Nine-month old Lucille is happy and at home with her new human, Denis Powers.
And Powers has a wonderful forever-companion.
But without an innovative program at the Kitsap Humane Society, that match might never have happened.
It’s called the Rescue Me program, and it allows Kitsap Humane Shelter to take dogs, cats and kittens from other shelters throughout Washington state and southern California who otherwise would be looking at a death sentence.
According to Natalie Smith, director of Animal Welfare at KHS, Rescue Me began in 2013.
“When I came here, the shelter was doing some transfers from California, but I felt strongly that we needed to help out out own state’s animals,” Smith said.
So she worked to expand the program. The Rescue Me Program saved 1,221 dogs, puppies, cats and kittens from partner shelters in 2014.
In the case of Lucille, it was a quick 24-hour turn-around.
“We got a call (from a shelter in Puyallup) that there was this cute puppy having seizures,” said Lori Cole, transfer coordinator. “They have a very small shelter and they don’t have a vet on staff. So they said if we couldn’t take her, she would be euthanized.”
Cole and her team went to work to check that KHS had room for the dog and that the vet on staff, Jen Stonequist, who is also the director of shelter medicine, thought she could help the puppy.
Once the OK happened, Cole got in her car and drove to pick up Lucille.
Stonequist and the Kitsap Shelter’s Veterinary Services team examined her and found a medication that would control her seizures.
As the seizures subsided, it became clear that a puppyhood of neglect had left Lucille with not many manners or skills that a puppy her age should have. So KHS’s behavior and training department staff and volunteers worked with Lucille to improve her behavior.
Just a few short weeks later, she was adopted by Powers. Powers has changed her name to Kyna.
“She’s a cuddlier,” Powers said. “She’s very vocal and she loves to meet new people and new dogs.”
Kyna is at home with three other of Powers’ dogs, all whom were rescued. He said he thinks the Rescue Me program is a “fantastic idea.”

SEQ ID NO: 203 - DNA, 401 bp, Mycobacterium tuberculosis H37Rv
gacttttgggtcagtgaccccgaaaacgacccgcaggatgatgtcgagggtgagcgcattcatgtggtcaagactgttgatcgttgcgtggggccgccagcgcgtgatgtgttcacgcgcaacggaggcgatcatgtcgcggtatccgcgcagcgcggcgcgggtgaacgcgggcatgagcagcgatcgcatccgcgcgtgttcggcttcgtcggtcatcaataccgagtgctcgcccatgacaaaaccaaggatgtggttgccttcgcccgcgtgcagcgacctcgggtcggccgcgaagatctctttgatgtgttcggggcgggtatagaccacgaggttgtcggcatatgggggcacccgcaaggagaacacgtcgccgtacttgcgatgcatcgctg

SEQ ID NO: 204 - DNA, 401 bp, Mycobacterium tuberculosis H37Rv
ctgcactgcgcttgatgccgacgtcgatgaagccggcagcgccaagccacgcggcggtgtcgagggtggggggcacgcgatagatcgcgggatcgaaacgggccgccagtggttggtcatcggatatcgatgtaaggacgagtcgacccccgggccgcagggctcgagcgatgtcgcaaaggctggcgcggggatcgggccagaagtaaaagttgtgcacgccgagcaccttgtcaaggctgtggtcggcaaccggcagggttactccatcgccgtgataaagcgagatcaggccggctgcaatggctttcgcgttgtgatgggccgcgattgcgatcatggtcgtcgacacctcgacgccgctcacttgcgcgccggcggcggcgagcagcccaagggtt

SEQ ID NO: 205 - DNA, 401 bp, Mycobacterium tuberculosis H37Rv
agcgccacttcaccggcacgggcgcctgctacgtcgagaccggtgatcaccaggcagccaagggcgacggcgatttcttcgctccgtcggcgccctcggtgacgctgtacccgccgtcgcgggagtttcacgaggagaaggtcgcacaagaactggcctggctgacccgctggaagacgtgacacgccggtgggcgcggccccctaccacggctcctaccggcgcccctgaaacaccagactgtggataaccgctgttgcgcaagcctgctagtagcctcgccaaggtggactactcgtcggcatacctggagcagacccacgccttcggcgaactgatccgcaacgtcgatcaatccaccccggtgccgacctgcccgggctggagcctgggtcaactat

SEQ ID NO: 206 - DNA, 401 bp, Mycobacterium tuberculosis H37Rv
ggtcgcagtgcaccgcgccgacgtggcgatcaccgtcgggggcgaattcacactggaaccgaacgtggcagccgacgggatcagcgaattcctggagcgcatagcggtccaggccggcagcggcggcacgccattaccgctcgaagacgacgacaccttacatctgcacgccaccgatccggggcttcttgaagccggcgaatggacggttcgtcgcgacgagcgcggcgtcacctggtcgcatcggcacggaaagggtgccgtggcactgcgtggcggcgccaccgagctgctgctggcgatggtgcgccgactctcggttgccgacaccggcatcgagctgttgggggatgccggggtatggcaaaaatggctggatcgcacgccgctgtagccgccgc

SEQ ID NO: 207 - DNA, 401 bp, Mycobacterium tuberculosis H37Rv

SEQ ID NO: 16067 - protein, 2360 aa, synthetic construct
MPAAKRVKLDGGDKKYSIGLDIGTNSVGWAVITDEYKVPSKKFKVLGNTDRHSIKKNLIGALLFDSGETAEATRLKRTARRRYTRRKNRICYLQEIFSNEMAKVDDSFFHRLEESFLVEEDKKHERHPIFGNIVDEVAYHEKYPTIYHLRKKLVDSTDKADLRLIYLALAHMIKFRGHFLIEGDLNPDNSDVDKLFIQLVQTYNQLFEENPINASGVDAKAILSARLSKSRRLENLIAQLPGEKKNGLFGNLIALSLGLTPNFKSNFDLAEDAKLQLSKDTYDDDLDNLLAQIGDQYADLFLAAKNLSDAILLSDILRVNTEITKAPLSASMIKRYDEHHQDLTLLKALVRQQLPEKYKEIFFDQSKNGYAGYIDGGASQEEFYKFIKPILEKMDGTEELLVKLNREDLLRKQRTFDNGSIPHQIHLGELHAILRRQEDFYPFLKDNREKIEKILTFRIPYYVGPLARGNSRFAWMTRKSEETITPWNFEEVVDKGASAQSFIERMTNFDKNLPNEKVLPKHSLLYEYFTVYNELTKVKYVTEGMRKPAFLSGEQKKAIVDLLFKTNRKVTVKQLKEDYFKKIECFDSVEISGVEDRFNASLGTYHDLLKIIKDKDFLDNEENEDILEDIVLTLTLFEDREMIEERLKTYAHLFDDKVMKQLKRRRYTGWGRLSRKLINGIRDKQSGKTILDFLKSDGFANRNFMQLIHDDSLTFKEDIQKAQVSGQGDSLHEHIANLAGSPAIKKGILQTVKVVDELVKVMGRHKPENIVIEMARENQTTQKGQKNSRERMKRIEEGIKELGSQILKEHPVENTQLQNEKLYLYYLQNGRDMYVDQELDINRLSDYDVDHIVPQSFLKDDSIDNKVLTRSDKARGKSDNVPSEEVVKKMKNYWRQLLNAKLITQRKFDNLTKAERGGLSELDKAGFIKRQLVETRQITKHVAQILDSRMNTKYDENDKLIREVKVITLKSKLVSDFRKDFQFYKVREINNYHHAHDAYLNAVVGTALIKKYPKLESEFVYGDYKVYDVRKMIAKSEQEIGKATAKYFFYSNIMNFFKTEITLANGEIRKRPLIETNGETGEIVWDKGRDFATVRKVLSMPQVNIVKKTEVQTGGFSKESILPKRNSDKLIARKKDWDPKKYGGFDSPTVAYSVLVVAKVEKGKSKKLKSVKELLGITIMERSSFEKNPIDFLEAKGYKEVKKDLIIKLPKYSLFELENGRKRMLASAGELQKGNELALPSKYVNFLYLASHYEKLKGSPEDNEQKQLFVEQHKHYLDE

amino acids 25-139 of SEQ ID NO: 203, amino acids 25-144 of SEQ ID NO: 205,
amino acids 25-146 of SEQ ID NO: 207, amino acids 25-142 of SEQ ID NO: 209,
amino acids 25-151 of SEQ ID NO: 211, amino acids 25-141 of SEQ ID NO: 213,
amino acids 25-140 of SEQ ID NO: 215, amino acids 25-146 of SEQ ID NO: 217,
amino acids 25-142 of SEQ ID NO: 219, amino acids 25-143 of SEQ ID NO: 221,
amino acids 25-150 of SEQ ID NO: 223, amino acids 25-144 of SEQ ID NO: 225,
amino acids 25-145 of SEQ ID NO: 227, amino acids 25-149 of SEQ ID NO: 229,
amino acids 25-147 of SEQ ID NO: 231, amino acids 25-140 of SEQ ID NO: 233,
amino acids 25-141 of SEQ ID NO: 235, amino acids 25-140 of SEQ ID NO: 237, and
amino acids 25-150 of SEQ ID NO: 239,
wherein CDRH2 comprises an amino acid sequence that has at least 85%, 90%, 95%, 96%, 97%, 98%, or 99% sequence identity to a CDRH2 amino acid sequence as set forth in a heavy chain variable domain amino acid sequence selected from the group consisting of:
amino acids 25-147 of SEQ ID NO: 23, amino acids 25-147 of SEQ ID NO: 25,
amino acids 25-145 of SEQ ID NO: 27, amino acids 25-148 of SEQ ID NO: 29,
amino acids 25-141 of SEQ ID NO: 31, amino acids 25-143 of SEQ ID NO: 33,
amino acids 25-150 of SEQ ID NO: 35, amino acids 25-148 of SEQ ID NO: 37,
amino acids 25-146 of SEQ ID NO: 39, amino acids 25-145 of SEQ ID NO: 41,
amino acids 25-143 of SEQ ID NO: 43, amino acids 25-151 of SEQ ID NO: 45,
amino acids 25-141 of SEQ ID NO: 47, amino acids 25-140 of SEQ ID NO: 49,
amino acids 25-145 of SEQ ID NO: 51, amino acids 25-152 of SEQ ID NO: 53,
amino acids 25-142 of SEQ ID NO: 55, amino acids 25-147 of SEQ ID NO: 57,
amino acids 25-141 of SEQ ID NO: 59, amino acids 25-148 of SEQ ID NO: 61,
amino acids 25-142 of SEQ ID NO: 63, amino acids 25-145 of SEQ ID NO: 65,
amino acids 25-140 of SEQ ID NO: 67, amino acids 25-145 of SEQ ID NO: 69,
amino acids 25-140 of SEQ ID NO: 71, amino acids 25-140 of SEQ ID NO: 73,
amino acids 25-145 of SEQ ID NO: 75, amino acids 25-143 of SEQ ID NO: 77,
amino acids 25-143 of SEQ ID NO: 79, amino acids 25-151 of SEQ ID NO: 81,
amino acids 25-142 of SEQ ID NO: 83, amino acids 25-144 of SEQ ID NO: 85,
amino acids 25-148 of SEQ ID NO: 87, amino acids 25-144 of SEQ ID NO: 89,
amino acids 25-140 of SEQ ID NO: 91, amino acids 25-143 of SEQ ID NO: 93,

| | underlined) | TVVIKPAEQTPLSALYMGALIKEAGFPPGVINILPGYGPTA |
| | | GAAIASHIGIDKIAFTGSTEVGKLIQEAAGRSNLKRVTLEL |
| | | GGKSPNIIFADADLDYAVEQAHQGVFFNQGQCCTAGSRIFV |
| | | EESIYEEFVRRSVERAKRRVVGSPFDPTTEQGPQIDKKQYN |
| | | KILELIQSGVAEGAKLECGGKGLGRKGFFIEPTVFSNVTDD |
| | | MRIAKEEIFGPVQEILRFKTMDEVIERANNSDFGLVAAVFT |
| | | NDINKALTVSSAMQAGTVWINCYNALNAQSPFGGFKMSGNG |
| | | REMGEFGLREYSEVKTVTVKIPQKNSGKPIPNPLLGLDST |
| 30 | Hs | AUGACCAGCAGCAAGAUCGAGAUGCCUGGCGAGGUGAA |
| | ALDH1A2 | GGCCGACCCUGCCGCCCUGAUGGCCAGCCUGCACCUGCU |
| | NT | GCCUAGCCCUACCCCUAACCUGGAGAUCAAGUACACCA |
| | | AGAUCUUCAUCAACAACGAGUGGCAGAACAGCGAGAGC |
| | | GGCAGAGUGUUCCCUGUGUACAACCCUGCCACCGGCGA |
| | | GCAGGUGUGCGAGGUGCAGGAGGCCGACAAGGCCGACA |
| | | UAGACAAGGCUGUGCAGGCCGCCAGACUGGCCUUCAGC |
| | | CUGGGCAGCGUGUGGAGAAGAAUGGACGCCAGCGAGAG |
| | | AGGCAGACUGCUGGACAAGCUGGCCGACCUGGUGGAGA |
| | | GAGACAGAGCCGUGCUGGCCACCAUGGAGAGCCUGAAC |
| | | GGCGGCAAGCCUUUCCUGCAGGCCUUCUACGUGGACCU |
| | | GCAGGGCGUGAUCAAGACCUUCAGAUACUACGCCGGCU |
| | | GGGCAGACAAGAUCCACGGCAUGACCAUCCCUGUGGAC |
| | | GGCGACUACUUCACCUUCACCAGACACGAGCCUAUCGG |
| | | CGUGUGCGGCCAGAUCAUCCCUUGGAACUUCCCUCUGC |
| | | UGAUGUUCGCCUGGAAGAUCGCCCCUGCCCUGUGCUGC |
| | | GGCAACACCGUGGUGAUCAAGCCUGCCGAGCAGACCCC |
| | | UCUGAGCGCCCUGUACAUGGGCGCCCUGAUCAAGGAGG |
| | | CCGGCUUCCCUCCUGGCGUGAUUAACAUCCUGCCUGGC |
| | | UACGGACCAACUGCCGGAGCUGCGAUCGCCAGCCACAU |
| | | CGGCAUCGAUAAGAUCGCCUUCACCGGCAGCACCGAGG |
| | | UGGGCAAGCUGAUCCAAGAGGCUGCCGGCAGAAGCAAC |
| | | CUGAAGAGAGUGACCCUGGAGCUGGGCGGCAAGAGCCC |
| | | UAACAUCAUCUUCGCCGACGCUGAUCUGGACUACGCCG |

“My German Shepherds came from the Northwest German Shepherd Rescue in Bothell,” he said. “They also make trips to California to take dogs that have been abandoned.”
The story of Lucille had a happy ending. And so did other cat and dogs tales because of the Rescue Me program. But staff at Kitsap Humane Shelter know some people may question why the shelter is using resources to aid dogs from outside the county.
“Many times the dogs or cats that we take have medical issues and need to be seen by a vet and those small shelters don’t have a vet on staff,” said Smith. “In other cases, the dogs come from areas where they don’t have successful spay and neuter programs, which leads to overpopulation and too many strays.”
Stonequist said the KHS shelter has room to take in animals from other shelters because its spay/neuter program had been extremely successful and has lowered the local stray rate.
And by doing so, they provided a more diverse selection of pets for local residents who want to adopt rescued animals.
“In L.A. County alone, there are 12 animal shelters,” Stonequist said. “They are inundated with small dogs. They have a lack of resources and some shelters are in very low income areas.
“If some of their animals aren’t transferred out of there to other regions, they’ll be at risk of being euthanized.”
The program is a benefit to the local community, too.
“From time-to-time, potential adopters will come to the Kitsap Humane Shelter wanting small dogs, but there won’t be any,” said Smith. “This allows us to have a mix of all types of dogs, cats and kittens, and that means more of a chance for more animals to be adopted.”
Another example of how the program has helped was when two kittens were dumped at a shelter in eastern Washington after the mother cat was hit and killed by a car, Smith said.
“I got the text about them and began planning to go and get them,” said Cole. “The shelter that had them didn’t have a foster program like we do. So we brought them here. By the time they were check in, we had foster care all lined up.”
Transfers are usually made by car or van. Through a generous gift, KHS purchased a new, larger, more efficient transport van that holds up to 30 animals.
They also have pilots in a program called “Wings of Rescue” who will fly animals from Southern California to Washington and throughout the country to other partner shelters.
Cole found her dog, Abby, through the Rescue Me program.
“She came in as a puppy and I just fell in love with her,” Cole said of the “Chi-weenie” mix mutt.
“I kept saying I couldn’t take another dog, but when she was still available at the end of an adoption event, I knew she was meant for me.”
The program takes a lot of coordination between departments and other shelters, Smith said.
“But it’s just the right thing to do,” she added.
In addition to working with regional shelters, Rescue Me is partnering with well-respected national rescue organizations such as Best Friends Animal Society and ASPCA, both of whom have provided KHS with grants to help fund this expanded effort, KHS staff said. The program also is funded by donations and adoption fees.
Kitsap Humane Society is a private, nonprofit, charitable organization that has been caring for animals in need since 1908. KHS admits more than 5,000 animals per year and has one of the highest lives saved rates in the U.S.
To find out more, or to volunteer, call 360-692-6977, or go to www.kitsap-humane.org.